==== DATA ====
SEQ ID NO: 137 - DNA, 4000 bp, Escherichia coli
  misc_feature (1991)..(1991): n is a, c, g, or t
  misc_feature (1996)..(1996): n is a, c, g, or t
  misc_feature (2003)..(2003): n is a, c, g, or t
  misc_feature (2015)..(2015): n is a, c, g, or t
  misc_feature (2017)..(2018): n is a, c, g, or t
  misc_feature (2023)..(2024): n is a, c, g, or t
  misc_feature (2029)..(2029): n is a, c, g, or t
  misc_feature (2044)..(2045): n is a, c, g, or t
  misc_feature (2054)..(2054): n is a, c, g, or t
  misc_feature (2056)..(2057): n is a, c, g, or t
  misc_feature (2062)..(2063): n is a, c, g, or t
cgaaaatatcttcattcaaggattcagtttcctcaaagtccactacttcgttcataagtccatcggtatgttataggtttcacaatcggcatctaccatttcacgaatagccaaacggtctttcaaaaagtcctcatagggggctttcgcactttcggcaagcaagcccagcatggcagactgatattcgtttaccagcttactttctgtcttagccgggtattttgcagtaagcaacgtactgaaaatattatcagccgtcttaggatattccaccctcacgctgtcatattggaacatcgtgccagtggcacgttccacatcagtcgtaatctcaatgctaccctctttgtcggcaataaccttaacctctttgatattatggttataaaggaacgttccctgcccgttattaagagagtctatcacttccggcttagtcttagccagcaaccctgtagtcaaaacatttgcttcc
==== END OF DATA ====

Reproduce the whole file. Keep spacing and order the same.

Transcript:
SEQ ID NO: 137 - DNA, 4000 bp, Escherichia coli
  misc_feature (1991)..(1991): n is a, c, g, or t
  misc_feature (1996)..(1996): n is a, c, g, or t
  misc_feature (2003)..(2003): n is a, c, g, or t
  misc_feature (2015)..(2015): n is a, c, g, or t
  misc_feature (2017)..(2018): n is a, c, g, or t
  misc_feature (2023)..(2024): n is a, c, g, or t
  misc_feature (2029)..(2029): n is a, c, g, or t
  misc_feature (2044)..(2045): n is a, c, g, or t
  misc_feature (2054)..(2054): n is a, c, g, or t
  misc_feature (2056)..(2057): n is a, c, g, or t
  misc_feature (2062)..(2063): n is a, c, g, or t
cgaaaatatcttcattcaaggattcagtttcctcaaagtccactacttcgttcataagtccatcggtatgttataggtttcacaatcggcatctaccatttcacgaatagccaaacggtctttcaaaaagtcctcatagggggctttcgcactttcggcaagcaagcccagcatggcagactgatattcgtttaccagcttactttctgtcttagccgggtattttgcagtaagcaacgtactgaaaatattatcagccgtcttaggatattccaccctcacgctgtcatattggaacatcgtgccagtggcacgttccacatcagtcgtaatctcaatgctaccctctttgtcggcaataaccttaacctctttgatattatggttataaaggaacgttccctgcccgttattaagagagtctatcacttccggcttagtcttagccagcaaccctgtagtcaaaacatttgcttcc